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When the Pause Rule is Done Right, but Surgery Still Goes Wrong

Pause Rule

The Florida Board of Medicine has interpreted a standard of care and consequently instituted procedures to ensure the execution of best practices by Florida medical professionals. One of these regulations involves the “Pause Rule.”  The definition of this rule revolves around requiring that once a surgical team and theater are prepared to perform a given surgical procedure on a patient, the law requires them to pause, or wait to confirm various elements and facts regarding surgery before they proceed to the begin the actual surgery.

What the Pause Rule Addresses

With an elective surgery, in which there is no present life-threatening emergency, the team gathered for the procedure will wait for the attending physician to confirm verbally the identification of the patient, the specific procedure being performed and the exact site of the procedure. This may seem elementary, but in the midst of a day lined up with patients and similar procedures, it could be possible to confuse charts, details and faces. In cases where sedation of the patient is used, which is often, the patient is asked prior to sedation to confirm their identity. This pause rule was intended to prevent a variety of mistakes that most patients might take for granted. These mistakes include:

  • Wrong Procedures
  • Wrong Site Surgeries

Of these types of mistakes, the one focused on due to its past frequency and devastating effects on the patients is Wrong Site Surgeries, or WSS. In this type of mistake there are several subsets, including:

  • Wrong side – can occur when there are two (pairs) of certain body parts, i.e. eyes, lungs, breasts.
  • Correct side but wrong location – can occur with different aspects of a particular location such as the wrong finger on the correct hand or the wrong muscle on the correct side of the face.
  • Incorrect procedure on the correct location.
  • Correct procedure and location but wrong patient.

The Pause Rule is Helpful but Not Foolproof

There are many things a surgical team can do to prevent a WSS, but most of them require a level of organization prior to the time of the surgical appointment. A lack of general organization and procedural consistency can cause confusion regarding a simple mistake, including the correct identity of the patient.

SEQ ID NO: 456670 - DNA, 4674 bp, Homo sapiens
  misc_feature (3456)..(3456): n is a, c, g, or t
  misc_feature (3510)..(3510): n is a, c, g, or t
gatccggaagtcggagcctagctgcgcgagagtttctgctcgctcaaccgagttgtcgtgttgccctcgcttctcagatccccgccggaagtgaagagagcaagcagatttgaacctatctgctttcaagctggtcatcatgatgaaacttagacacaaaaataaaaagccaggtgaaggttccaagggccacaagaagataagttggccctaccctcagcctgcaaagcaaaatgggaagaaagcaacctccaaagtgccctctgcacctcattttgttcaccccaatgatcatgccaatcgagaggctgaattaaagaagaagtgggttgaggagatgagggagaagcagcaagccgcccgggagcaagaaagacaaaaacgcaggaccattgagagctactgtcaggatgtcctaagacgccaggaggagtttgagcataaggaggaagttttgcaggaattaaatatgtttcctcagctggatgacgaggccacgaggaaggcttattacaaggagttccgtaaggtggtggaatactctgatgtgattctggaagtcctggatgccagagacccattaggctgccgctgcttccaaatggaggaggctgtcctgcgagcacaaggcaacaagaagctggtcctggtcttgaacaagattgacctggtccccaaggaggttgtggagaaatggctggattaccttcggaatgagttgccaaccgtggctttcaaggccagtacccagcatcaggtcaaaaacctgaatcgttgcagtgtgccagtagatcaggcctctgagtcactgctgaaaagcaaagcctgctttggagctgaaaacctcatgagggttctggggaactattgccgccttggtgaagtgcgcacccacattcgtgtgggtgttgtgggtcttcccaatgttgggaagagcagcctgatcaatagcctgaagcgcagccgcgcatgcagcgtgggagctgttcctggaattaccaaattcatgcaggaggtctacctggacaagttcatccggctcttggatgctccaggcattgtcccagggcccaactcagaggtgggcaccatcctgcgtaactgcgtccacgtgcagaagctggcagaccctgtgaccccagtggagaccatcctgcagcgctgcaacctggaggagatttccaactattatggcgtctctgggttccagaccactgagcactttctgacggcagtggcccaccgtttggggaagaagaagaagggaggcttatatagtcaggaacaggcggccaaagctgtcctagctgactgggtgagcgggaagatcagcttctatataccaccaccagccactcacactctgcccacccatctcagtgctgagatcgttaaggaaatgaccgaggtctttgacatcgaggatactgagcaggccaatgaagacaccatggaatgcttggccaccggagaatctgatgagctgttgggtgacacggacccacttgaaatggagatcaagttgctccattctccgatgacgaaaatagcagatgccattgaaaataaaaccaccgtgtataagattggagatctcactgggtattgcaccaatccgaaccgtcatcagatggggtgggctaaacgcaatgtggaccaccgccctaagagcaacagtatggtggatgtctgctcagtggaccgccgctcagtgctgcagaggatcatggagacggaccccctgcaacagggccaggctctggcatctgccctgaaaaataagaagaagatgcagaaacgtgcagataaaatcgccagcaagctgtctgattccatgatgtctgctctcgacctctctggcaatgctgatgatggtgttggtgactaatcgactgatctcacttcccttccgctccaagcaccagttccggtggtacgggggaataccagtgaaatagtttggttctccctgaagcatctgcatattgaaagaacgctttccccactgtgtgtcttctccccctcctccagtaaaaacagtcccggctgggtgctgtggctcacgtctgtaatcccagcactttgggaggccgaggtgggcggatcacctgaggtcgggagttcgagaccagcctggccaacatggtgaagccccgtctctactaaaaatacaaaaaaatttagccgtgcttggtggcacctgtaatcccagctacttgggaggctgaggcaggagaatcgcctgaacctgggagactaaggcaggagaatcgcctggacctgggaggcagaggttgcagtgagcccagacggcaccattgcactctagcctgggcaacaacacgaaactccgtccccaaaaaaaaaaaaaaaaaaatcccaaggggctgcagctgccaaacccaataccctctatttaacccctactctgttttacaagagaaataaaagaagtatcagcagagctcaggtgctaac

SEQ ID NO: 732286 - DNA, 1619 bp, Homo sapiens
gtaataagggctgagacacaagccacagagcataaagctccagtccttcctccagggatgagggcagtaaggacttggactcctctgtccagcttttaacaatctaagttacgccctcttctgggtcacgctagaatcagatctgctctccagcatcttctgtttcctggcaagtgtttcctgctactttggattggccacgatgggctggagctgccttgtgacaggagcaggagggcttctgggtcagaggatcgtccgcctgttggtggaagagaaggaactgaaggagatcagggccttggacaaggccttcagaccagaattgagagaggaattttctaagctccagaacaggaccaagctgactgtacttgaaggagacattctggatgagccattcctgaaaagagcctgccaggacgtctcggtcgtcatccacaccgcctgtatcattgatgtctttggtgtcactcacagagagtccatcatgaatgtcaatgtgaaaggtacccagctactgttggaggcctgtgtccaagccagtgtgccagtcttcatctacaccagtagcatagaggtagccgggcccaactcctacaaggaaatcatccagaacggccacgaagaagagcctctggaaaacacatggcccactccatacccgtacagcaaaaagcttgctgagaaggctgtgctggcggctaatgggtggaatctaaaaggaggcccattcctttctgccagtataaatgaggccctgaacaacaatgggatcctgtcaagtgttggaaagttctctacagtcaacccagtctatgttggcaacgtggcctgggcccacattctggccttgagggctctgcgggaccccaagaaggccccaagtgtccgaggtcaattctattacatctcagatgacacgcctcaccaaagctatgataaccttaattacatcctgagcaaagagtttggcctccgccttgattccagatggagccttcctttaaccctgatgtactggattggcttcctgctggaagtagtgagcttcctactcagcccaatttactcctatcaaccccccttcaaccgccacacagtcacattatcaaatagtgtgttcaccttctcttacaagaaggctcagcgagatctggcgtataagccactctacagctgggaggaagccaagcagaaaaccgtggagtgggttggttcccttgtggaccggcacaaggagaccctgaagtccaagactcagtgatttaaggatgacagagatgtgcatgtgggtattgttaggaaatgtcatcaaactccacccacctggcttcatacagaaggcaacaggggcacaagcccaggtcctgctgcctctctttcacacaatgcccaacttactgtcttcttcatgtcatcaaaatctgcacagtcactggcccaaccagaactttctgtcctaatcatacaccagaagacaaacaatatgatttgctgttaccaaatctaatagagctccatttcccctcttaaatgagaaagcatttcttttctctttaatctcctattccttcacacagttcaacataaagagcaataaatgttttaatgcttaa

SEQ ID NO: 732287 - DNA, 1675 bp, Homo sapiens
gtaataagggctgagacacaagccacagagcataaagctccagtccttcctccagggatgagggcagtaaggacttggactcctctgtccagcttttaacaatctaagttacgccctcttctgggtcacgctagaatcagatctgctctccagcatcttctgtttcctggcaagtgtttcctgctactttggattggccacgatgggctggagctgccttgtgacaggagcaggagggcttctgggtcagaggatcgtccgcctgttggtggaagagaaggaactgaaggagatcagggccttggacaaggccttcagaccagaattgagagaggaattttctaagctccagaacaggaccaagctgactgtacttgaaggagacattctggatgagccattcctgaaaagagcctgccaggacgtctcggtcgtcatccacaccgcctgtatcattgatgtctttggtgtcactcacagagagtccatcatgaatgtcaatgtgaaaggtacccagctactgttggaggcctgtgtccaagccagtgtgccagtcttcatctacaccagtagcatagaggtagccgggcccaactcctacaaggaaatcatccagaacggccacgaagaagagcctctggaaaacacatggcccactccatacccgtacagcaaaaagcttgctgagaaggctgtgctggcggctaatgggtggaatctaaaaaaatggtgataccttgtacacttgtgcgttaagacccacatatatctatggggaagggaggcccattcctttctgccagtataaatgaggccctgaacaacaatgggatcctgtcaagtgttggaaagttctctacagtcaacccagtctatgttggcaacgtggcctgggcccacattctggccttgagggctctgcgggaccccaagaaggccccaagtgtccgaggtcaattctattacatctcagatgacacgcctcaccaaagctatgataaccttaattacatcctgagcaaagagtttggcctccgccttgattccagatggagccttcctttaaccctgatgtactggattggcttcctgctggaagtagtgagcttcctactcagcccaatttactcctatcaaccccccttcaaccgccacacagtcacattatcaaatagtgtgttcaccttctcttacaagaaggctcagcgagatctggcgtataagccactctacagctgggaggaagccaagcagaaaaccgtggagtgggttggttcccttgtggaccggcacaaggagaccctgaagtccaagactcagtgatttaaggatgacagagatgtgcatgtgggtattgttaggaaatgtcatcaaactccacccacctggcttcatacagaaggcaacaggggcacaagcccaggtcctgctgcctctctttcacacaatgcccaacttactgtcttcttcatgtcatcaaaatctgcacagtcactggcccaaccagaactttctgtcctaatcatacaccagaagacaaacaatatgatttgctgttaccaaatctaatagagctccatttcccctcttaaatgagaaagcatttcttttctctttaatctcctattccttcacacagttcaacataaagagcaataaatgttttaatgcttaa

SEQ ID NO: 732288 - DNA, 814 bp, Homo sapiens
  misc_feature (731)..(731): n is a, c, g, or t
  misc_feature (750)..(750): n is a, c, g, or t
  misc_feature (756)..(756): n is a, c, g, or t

The National Center for Biotechnology Information, or NCBI, reports that studies show many factors that align to sabotage the most basic assertions regarding patient identity and surgical information provided at the time of service. On a busy day, with some patients inadequately labeled, some sedated, beds being moved around, operations sites not being clearly marked on the body or call sheet, disconnect between intake and the theater staff, and time pressures are only a  few things that can create opportunities for negligence to occur before the patient enters the operating theater.

The main way of addressing any of these issues is for the physician to follow a strict checklist affirming all of the pertinent information. Even if the pause rule is enacted, but a checklist of confirmations is incomplete or not followed, mistakes are made. In the case of these types of mistakes, there is much liability to go around.

If you believe you or a loved one may have been injured due to some form of medical malpractice involving the ineffective use of the Pause Rule or any type of MSS or other mistake, you might be eligible for compensation. It can be tough to sort out or prove these kinds of mistakes and you’ll need someone in your corner who can aggressively search for facts and details to prove your case. Tison Law Group has an experienced team of personal injury attorneys who will make sure you receive what you are due in these cases. Call us today to find out your best options.

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